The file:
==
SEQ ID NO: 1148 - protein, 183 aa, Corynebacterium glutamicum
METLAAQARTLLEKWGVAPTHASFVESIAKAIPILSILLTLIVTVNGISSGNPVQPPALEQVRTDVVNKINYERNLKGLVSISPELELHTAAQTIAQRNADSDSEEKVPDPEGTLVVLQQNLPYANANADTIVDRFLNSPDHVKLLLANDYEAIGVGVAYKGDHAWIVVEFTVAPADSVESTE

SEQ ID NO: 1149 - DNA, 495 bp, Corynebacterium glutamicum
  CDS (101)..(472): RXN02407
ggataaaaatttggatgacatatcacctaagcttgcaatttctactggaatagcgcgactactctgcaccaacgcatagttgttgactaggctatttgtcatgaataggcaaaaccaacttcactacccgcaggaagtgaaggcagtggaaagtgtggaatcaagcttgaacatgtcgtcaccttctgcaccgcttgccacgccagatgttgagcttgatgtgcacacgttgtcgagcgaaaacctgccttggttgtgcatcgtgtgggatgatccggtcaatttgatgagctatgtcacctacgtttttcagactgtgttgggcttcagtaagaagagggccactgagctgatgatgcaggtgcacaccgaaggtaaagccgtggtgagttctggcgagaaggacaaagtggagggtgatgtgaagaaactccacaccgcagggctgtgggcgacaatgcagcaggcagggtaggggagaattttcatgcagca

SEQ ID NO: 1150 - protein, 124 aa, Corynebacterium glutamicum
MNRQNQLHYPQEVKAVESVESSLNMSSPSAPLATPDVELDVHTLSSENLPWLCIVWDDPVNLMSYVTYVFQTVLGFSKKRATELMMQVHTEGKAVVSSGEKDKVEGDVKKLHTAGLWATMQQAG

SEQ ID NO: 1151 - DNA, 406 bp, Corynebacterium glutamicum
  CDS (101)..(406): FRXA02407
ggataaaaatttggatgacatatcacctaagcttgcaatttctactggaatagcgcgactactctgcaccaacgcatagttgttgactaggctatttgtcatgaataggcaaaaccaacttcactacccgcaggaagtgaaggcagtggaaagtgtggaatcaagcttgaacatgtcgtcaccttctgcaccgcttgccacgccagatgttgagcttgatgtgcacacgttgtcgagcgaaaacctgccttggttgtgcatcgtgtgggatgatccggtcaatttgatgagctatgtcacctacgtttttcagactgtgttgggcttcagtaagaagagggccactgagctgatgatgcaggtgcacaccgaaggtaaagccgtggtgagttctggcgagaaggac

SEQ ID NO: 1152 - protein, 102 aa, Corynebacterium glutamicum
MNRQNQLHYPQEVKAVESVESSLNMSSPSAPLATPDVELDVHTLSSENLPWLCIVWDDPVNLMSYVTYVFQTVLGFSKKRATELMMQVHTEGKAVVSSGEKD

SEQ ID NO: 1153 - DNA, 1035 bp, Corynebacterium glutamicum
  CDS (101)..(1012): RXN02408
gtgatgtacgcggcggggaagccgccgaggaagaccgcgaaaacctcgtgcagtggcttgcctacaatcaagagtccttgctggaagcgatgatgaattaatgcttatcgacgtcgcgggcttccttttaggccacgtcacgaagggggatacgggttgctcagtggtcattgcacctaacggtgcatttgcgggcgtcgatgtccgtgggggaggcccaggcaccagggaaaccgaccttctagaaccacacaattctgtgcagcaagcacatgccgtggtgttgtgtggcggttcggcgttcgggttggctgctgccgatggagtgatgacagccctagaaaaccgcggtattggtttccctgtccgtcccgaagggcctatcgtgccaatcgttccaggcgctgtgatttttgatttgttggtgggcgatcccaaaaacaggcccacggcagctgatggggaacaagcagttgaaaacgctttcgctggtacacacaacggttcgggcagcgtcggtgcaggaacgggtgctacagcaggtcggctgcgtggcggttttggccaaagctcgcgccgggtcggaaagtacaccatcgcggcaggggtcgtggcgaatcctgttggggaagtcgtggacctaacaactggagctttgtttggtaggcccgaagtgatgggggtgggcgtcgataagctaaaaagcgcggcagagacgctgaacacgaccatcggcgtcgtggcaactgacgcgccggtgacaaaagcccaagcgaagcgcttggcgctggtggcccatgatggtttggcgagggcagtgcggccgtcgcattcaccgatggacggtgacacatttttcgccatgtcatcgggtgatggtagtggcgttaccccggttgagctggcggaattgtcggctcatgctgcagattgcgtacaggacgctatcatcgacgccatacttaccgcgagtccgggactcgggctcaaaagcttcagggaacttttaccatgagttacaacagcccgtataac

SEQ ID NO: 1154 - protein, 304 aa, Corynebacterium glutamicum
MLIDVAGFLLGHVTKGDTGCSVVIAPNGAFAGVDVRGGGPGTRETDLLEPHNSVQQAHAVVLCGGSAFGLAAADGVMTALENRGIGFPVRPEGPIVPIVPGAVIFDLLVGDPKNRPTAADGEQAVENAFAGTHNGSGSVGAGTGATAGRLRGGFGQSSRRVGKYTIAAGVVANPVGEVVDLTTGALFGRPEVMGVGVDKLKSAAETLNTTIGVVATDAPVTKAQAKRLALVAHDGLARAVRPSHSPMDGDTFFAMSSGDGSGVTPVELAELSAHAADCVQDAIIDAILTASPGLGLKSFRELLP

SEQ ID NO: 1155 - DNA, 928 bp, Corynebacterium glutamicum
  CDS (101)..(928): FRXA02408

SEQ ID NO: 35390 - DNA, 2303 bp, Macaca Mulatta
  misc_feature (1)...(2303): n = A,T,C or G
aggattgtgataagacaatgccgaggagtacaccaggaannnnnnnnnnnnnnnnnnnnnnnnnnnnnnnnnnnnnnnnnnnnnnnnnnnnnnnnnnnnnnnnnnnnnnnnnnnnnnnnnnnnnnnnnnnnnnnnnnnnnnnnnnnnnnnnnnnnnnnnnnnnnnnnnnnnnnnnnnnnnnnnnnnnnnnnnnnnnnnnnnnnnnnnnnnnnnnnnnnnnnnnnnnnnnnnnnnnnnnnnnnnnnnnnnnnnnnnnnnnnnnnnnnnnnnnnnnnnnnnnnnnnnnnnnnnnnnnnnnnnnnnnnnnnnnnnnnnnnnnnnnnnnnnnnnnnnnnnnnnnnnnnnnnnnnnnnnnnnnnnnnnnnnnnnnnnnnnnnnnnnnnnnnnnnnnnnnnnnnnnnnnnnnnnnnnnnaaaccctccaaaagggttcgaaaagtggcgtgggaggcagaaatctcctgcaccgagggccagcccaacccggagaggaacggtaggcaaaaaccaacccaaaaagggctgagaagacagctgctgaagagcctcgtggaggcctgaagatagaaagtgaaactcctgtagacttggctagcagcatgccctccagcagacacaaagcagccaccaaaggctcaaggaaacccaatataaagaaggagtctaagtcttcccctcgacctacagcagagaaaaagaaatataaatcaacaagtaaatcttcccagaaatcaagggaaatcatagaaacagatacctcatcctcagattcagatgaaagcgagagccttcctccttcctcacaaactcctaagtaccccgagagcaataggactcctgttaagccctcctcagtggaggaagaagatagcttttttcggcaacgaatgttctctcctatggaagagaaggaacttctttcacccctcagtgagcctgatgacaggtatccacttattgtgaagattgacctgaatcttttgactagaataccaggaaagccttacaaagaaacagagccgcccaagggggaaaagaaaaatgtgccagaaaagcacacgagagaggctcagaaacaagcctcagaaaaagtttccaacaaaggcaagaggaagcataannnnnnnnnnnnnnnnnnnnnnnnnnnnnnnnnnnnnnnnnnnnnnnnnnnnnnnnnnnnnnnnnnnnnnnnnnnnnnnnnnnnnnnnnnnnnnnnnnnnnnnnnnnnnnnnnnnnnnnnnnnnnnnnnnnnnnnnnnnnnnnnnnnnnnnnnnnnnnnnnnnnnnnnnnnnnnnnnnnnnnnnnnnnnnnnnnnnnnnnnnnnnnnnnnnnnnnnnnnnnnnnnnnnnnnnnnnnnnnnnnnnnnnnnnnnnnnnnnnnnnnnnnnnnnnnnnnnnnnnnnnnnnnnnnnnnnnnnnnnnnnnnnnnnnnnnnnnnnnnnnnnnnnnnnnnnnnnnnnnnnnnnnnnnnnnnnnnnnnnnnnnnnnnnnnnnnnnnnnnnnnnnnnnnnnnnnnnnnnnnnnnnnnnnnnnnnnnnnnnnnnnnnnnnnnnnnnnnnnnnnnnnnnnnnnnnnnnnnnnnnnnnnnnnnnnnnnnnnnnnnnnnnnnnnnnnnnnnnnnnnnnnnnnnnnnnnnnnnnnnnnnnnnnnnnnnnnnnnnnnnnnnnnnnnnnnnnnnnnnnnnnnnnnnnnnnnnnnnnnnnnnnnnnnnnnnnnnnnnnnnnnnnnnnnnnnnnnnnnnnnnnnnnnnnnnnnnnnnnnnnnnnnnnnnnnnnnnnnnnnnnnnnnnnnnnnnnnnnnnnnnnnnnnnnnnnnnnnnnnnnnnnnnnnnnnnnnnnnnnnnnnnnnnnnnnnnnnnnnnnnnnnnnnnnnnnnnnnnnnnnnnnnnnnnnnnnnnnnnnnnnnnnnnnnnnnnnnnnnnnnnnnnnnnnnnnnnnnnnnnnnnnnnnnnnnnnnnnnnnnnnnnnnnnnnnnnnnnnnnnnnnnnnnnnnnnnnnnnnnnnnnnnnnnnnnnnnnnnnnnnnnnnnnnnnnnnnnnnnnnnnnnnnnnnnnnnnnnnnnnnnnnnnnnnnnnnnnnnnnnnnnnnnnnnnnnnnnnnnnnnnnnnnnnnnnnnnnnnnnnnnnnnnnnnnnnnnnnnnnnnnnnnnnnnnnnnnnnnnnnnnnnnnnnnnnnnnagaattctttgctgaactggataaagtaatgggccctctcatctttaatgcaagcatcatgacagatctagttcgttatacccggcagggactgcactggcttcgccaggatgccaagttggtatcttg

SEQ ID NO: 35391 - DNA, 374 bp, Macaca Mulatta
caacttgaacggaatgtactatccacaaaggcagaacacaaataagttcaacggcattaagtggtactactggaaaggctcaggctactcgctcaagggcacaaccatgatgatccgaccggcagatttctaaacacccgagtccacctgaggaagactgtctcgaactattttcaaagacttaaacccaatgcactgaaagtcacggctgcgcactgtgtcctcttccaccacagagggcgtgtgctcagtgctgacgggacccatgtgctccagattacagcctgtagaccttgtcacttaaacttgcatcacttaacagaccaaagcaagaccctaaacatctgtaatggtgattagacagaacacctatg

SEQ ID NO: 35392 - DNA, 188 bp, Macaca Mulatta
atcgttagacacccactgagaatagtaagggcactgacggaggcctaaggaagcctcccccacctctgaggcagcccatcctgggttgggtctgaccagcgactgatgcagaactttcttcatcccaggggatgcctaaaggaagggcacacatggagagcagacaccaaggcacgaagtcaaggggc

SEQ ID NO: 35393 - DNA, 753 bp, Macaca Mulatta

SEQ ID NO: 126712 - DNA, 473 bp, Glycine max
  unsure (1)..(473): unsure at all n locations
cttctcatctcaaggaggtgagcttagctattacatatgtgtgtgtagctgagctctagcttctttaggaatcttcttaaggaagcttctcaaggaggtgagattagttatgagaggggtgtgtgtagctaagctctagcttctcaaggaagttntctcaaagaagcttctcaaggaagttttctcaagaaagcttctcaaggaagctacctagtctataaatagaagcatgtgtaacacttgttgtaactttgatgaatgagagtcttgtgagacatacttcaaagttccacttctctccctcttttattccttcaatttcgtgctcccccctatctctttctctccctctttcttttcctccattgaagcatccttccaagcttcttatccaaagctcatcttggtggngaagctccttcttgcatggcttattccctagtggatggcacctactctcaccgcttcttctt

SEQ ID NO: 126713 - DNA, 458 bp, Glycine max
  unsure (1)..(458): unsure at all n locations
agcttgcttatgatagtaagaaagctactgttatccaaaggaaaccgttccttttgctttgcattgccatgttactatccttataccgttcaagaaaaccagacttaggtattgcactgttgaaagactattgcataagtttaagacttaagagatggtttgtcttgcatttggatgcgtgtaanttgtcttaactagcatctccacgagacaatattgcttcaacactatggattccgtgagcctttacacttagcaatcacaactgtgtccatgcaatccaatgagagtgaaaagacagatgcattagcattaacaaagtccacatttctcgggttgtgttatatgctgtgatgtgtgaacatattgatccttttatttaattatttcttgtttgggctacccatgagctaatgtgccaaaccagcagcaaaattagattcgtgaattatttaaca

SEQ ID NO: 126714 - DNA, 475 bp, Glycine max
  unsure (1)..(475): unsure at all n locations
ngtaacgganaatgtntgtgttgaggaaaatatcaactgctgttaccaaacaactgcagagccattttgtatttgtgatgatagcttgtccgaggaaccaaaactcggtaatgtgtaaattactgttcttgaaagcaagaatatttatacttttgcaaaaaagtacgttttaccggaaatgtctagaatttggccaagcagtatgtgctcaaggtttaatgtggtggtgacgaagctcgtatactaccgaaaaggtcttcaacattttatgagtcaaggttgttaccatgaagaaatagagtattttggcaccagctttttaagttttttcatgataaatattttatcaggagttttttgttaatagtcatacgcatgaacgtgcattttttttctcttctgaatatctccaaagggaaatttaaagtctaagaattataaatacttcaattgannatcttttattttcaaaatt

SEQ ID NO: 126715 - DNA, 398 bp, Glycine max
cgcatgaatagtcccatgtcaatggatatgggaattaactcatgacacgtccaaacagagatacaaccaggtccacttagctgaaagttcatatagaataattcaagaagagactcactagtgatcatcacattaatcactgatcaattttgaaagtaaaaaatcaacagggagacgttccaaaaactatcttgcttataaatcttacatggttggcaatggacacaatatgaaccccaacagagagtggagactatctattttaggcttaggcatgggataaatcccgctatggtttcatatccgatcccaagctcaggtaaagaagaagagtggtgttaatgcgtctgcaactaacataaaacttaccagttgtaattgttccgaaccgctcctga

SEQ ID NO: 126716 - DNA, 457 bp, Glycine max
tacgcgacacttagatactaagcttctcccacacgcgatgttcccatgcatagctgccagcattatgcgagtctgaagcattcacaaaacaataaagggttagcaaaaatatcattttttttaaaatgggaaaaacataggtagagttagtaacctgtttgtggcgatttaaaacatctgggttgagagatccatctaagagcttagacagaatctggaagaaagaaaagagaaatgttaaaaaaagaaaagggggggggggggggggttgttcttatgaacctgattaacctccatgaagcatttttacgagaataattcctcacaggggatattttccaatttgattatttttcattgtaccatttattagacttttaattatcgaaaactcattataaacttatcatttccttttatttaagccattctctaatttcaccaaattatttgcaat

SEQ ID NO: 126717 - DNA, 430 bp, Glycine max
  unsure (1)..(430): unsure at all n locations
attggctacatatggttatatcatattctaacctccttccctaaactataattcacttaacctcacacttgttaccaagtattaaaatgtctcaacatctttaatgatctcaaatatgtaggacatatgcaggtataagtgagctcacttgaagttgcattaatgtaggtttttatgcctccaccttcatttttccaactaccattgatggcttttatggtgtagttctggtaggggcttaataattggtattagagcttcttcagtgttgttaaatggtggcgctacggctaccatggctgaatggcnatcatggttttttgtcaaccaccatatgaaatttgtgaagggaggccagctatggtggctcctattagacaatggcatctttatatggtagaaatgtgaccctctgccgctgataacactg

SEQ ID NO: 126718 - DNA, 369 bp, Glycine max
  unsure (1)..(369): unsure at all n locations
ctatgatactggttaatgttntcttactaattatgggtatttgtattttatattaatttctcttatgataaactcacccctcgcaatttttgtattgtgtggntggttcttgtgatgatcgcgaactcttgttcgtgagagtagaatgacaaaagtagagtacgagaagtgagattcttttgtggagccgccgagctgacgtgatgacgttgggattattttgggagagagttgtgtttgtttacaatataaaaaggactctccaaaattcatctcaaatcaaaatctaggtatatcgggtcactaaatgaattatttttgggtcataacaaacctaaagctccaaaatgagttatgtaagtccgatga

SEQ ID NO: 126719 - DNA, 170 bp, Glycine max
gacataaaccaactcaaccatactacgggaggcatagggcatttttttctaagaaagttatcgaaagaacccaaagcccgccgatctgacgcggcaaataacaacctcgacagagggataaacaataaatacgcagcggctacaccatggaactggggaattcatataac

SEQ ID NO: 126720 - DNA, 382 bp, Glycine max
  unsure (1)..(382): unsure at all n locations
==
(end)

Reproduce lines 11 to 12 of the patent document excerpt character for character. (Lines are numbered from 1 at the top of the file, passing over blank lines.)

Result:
SEQ ID NO: 1152 - protein, 102 aa, Corynebacterium glutamicum
MNRQNQLHYPQEVKAVESVESSLNMSSPSAPLATPDVELDVHTLSSENLPWLCIVWDDPVNLMSYVTYVFQTVLGFSKKRATELMMQVHTEGKAVVSSGEKD